Intel Leaves OLPC Hanging

Intel seems to be power-tripping lately, as they recently pulled out of the OLPC program for reasons described as philosophical disagreements with the founders. C’mon Intel, don’t you have a heart? This seems somewhat predictable, as Intel has been working on their Classmate laptop for some time now, a direct competitor to OLPC in many ways.

I can see how Intel would want to take over the cheap laptop market, but I must question why they left OLPC (seemingly) high and dry? They can’t say that there aren’t enough chips to go around. The good news is that OLPC will continue on using AMD as its main chip supplier for their gear.

It should be interesting to see how things turn out, but given the last revision of the ‘Classmate’ laptop, I don’t see how Intel could take over the market. In the end, Asus is the real winner with their Eee Laptops (that seem to be selling like hot cakes). As prices drop (as they always do with tech stuff), the Eee could possibly be the next OLPC at home and abroad.

Ponzi wants an Eee with XP. Whee!


19 thoughts on “Intel Leaves OLPC Hanging”

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  3. Man thats bs i think it would be completly difrent if it wasent for a good cause. You would think that it would be good to have your name on somthing that does such good for the world but i guess not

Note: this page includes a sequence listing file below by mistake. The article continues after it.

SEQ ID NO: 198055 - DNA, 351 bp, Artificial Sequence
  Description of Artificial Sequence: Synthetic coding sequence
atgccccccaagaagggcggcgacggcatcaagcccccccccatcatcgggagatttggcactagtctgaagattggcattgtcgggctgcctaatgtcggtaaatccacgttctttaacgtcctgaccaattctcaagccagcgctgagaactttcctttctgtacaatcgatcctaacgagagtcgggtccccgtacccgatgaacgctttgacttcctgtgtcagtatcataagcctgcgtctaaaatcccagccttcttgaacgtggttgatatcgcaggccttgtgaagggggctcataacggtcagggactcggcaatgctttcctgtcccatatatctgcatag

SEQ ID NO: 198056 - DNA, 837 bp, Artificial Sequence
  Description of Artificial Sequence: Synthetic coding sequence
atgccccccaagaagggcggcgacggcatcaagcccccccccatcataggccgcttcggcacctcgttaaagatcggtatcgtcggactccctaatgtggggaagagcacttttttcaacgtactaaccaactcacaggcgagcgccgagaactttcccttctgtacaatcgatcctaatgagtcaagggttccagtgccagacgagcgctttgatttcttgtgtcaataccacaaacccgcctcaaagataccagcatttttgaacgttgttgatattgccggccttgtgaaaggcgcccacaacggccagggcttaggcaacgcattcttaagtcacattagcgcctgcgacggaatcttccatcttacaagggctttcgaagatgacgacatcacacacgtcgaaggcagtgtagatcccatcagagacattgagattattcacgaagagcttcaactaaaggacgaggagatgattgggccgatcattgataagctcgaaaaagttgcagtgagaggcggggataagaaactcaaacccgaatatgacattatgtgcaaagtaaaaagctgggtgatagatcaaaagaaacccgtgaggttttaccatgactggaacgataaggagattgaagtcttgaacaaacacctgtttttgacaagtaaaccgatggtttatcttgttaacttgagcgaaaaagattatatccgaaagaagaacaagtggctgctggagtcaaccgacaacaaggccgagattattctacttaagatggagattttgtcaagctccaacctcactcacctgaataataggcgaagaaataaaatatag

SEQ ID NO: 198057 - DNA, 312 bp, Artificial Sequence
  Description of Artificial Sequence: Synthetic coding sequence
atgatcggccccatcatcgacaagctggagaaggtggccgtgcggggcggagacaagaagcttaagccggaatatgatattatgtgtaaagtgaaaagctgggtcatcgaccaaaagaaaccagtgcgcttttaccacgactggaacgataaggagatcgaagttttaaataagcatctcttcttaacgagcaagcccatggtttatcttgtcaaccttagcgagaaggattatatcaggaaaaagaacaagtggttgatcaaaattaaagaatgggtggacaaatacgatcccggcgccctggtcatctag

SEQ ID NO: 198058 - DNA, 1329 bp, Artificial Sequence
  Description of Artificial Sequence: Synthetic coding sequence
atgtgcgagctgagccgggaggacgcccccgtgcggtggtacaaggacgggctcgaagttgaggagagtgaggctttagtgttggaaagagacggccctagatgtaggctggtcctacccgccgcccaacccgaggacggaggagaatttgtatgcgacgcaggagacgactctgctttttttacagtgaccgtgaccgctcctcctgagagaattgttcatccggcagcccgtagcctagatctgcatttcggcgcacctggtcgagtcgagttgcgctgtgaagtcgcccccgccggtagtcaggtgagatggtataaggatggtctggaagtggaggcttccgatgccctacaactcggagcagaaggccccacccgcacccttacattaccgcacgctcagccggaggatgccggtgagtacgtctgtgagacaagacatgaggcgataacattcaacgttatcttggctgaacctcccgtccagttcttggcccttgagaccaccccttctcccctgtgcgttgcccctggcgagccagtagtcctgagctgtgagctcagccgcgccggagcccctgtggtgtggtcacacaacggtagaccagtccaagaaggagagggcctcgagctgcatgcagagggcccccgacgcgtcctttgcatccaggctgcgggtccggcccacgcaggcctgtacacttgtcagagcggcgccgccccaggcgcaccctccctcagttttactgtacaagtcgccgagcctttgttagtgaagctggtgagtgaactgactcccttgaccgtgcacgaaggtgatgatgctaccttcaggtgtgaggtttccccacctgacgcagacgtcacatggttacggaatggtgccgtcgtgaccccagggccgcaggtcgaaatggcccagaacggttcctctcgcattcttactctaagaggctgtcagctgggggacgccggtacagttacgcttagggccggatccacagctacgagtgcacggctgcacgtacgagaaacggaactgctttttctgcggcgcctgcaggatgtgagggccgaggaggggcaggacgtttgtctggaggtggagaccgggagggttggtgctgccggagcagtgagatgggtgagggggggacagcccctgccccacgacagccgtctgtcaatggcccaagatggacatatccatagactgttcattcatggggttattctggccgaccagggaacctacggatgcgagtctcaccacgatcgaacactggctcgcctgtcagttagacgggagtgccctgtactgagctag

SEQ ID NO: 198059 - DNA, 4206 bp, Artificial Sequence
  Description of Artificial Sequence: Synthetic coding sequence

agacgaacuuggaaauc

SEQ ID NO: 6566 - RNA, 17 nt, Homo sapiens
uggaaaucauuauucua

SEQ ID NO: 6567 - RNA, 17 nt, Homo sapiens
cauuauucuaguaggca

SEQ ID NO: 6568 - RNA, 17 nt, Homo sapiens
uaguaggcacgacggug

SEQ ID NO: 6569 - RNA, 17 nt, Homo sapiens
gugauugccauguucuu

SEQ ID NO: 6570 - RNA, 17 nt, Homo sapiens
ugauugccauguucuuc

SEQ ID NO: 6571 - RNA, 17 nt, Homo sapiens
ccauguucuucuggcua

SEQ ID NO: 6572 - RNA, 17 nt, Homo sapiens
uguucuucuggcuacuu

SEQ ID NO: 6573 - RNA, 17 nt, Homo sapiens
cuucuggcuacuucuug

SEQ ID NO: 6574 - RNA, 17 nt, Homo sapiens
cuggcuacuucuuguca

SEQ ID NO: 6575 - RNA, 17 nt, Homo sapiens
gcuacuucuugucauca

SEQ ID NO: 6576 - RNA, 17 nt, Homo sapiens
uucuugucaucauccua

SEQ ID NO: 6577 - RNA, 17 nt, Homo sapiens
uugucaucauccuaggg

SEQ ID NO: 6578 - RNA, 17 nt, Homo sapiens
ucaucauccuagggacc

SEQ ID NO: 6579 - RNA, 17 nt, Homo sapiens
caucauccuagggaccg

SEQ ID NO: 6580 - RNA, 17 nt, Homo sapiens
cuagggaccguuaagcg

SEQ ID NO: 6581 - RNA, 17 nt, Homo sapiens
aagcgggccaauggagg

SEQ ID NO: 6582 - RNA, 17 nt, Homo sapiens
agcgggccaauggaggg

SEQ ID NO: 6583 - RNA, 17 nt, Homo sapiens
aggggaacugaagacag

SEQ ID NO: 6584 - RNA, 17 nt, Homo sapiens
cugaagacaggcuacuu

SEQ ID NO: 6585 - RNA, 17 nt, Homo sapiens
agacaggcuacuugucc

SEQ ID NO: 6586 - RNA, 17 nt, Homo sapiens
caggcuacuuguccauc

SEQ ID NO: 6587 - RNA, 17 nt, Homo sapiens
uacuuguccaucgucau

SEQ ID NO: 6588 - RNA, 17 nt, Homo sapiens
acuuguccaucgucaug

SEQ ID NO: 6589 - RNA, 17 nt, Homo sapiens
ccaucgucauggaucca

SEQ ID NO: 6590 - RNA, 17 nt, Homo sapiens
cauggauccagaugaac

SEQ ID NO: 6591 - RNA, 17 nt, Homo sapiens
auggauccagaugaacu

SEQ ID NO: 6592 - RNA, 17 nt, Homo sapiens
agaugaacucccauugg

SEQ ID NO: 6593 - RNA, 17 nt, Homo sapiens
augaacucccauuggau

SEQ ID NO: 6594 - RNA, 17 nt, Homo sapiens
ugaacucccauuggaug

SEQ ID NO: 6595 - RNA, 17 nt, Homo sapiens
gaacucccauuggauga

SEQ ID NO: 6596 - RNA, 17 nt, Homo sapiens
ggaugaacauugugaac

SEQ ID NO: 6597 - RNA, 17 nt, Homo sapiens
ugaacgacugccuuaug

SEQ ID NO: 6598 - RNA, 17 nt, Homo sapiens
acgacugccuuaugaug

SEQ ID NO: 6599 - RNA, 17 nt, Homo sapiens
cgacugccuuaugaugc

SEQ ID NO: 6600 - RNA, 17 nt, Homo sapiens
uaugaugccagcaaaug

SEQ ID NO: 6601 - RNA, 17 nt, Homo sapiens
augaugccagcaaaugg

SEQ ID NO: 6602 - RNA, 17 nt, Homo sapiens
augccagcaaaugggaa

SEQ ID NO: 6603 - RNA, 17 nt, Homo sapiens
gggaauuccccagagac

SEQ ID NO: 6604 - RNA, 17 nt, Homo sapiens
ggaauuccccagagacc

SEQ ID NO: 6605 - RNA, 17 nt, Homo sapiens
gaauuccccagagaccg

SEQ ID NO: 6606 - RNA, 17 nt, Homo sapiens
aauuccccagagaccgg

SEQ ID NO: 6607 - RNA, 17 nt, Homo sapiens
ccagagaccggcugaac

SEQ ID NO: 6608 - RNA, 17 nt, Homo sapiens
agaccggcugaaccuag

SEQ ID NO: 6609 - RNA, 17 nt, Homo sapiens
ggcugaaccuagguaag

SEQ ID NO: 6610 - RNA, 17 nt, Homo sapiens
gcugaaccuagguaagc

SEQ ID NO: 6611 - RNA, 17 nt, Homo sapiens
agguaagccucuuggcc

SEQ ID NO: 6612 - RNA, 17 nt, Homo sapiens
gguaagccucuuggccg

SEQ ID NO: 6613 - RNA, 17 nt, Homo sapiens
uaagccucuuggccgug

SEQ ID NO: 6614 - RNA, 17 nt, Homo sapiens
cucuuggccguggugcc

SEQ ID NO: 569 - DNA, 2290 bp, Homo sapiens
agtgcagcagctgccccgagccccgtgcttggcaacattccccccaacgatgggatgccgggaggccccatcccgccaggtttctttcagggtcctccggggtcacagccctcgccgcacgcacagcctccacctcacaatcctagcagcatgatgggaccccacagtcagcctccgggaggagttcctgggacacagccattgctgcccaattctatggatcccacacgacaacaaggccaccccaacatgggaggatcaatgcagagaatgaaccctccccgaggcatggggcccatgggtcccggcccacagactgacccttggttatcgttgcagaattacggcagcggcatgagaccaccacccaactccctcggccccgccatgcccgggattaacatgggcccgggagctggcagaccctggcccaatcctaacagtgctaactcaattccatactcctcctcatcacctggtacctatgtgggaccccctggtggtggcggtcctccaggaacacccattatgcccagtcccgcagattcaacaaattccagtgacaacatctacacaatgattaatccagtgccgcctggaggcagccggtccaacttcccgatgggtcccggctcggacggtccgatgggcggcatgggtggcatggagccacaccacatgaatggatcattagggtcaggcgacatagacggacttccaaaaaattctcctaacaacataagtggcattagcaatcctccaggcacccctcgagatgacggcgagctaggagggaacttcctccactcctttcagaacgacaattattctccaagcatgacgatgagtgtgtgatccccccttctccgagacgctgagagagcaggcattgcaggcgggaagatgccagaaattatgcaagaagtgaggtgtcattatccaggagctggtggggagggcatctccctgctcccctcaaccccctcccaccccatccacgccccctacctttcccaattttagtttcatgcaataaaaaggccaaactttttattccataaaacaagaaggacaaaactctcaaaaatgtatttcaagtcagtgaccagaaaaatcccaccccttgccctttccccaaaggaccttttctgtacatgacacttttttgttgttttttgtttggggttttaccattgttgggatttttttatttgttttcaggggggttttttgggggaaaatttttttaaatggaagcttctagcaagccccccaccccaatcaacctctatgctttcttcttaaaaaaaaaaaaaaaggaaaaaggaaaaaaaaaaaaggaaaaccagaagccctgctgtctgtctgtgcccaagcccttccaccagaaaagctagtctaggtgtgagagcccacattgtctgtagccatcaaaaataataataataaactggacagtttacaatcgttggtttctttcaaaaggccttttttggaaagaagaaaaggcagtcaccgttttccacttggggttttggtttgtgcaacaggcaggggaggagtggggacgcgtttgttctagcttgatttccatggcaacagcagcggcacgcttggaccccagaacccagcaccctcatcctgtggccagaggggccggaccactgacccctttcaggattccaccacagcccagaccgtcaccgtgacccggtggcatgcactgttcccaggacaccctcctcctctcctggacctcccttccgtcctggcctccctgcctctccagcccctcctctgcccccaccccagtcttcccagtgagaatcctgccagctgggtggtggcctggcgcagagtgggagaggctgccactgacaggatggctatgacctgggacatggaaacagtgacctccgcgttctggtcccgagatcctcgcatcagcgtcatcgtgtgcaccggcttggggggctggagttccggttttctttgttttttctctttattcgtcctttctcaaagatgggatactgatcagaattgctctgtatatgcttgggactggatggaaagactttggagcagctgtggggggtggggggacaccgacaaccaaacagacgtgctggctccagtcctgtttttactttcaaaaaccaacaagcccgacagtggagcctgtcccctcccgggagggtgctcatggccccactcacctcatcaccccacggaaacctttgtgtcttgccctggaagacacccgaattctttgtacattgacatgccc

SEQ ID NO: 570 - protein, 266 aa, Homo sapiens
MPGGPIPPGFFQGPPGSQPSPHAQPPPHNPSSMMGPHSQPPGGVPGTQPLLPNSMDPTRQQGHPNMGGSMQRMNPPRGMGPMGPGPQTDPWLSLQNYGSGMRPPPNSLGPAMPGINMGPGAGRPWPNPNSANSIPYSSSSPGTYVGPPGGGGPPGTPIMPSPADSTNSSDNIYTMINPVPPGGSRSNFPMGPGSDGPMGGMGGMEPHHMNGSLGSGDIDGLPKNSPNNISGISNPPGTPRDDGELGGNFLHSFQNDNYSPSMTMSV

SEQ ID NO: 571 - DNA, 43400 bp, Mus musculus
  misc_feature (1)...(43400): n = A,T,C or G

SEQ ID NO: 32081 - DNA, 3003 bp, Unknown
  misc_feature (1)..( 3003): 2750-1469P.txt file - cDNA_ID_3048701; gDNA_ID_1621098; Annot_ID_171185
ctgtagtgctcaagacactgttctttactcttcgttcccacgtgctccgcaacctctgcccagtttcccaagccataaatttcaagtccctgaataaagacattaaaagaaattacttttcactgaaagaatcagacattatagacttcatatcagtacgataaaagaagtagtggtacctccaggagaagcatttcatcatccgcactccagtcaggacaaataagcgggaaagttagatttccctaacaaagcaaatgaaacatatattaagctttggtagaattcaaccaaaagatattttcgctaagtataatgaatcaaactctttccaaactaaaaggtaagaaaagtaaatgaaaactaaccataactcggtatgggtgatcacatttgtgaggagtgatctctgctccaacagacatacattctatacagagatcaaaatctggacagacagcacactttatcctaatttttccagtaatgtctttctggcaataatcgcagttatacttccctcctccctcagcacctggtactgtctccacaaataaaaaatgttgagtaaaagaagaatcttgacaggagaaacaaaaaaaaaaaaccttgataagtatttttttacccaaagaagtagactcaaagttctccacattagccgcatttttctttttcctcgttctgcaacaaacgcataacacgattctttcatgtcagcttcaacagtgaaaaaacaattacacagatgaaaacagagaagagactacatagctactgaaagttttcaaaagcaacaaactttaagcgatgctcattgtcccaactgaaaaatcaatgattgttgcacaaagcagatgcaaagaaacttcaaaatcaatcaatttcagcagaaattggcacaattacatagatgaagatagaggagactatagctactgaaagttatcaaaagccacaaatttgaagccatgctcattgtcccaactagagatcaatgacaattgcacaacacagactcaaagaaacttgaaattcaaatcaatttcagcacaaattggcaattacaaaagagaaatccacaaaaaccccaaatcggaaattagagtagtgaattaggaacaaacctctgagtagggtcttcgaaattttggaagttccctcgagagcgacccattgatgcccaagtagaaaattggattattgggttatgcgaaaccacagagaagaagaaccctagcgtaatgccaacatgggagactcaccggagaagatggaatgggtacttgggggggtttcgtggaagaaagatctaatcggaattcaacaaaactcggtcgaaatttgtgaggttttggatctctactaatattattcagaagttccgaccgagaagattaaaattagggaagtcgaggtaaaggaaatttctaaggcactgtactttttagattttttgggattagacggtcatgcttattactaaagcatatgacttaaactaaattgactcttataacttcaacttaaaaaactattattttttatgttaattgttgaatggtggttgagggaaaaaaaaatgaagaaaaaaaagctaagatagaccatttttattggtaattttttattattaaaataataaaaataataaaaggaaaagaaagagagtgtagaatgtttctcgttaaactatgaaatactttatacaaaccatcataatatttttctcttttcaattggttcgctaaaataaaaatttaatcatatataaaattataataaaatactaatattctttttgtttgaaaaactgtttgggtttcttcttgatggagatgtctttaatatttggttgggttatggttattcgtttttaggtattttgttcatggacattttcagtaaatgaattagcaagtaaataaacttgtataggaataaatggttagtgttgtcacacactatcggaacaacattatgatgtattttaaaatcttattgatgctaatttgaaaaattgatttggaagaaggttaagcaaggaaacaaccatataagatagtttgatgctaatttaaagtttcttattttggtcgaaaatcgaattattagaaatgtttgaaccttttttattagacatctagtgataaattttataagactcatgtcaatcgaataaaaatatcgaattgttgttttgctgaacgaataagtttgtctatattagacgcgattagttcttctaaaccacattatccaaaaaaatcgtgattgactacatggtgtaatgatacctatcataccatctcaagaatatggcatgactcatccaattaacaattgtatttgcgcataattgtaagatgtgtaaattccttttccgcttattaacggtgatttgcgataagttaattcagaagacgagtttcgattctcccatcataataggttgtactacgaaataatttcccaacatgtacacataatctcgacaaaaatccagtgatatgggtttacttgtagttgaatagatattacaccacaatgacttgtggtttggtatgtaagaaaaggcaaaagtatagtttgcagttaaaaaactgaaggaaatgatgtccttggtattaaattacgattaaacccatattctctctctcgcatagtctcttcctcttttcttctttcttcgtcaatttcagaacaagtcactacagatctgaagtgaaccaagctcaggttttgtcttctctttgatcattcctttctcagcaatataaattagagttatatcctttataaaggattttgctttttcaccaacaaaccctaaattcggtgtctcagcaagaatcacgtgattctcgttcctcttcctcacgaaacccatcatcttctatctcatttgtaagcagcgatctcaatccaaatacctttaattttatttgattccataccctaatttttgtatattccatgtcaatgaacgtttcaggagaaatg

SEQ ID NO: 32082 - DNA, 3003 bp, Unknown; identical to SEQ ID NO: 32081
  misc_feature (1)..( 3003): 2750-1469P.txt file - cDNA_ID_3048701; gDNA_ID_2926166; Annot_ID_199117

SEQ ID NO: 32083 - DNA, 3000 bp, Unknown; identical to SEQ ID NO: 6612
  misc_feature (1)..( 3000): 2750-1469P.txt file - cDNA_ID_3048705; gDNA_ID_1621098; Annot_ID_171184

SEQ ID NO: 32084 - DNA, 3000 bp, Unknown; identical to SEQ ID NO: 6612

thanks afro

  4. hey i think that intel needs to open up more and finsh and try out what needs to been done because i still rooting for amd

  5. I thought the OLPC was a great idea when I first heard about it. The computer looked to be a well-made piece of hardware with usable programs for kids. I really like hearing about programs like this and if I had the money to drop on the OLPC, I probably would have during this holiday season.

    It kind of stinks that they are pulling out of the OLPC program. I wish that companies and organizations could work these kind of things out for the benefit of all, but that’s not what happens when money gets in the way. However, I am not placing any kind of blame, I don’t know enough about it at this point to do so.

    And the EEE PC looks awesome. I saw some online reviews and it looks like it’s just my style, since all I do on a pc is read stuff online, do email, and some other basic stuff.

  6. I think that most of the big companies care nothing about they people and are all for the money. Why would you not want to help out a good cause Intel?

  7. Quite simply, Negroponte wanted Intel to stop selling its Classmate laptop in regions where he was trying to sell the XO laptop.

    But the move sort of reminds me of NBC’s Jeff Zucker, demanding a cut of iPod revenue in return for selling NBC shows through iTunes at Apple’s pricing terms. Did the OLPC really think Intel would stop supplying other companies with low-cost chips simply because it asked? It would be sort of like if Dell asked Intel to stop selling HP and Apple Core 2 Duo chips, simply because Dell thought its latest XPS laptop was a more righteous product.